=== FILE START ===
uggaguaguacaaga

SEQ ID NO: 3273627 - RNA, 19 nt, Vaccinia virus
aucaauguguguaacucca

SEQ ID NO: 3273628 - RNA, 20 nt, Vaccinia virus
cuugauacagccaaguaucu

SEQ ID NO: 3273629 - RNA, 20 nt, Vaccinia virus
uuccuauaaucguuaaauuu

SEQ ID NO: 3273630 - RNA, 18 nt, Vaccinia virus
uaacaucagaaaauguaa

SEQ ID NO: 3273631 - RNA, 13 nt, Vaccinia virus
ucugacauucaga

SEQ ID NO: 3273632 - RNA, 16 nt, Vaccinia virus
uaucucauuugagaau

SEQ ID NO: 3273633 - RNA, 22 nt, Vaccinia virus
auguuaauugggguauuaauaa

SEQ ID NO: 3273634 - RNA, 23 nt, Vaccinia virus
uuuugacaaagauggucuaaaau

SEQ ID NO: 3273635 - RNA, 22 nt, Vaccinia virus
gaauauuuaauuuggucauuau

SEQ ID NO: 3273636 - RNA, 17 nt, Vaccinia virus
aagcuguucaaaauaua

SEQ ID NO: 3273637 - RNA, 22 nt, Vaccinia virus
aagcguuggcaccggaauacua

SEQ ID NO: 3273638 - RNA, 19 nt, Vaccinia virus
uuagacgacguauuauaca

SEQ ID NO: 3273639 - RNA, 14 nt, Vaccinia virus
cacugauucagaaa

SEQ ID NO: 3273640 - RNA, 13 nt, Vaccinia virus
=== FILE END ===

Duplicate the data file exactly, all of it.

uggaguaguacaaga

SEQ ID NO: 3273627 - RNA, 19 nt, Vaccinia virus
aucaauguguguaacucca

SEQ ID NO: 3273628 - RNA, 20 nt, Vaccinia virus
cuugauacagccaaguaucu

SEQ ID NO: 3273629 - RNA, 20 nt, Vaccinia virus
uuccuauaaucguuaaauuu

SEQ ID NO: 3273630 - RNA, 18 nt, Vaccinia virus
uaacaucagaaaauguaa

SEQ ID NO: 3273631 - RNA, 13 nt, Vaccinia virus
ucugacauucaga

SEQ ID NO: 3273632 - RNA, 16 nt, Vaccinia virus
uaucucauuugagaau

SEQ ID NO: 3273633 - RNA, 22 nt, Vaccinia virus
auguuaauugggguauuaauaa

SEQ ID NO: 3273634 - RNA, 23 nt, Vaccinia virus
uuuugacaaagauggucuaaaau

SEQ ID NO: 3273635 - RNA, 22 nt, Vaccinia virus
gaauauuuaauuuggucauuau

SEQ ID NO: 3273636 - RNA, 17 nt, Vaccinia virus
aagcuguucaaaauaua

SEQ ID NO: 3273637 - RNA, 22 nt, Vaccinia virus
aagcguuggcaccggaauacua

SEQ ID NO: 3273638 - RNA, 19 nt, Vaccinia virus
uuagacgacguauuauaca

SEQ ID NO: 3273639 - RNA, 14 nt, Vaccinia virus
cacugauucagaaa

SEQ ID NO: 3273640 - RNA, 13 nt, Vaccinia virus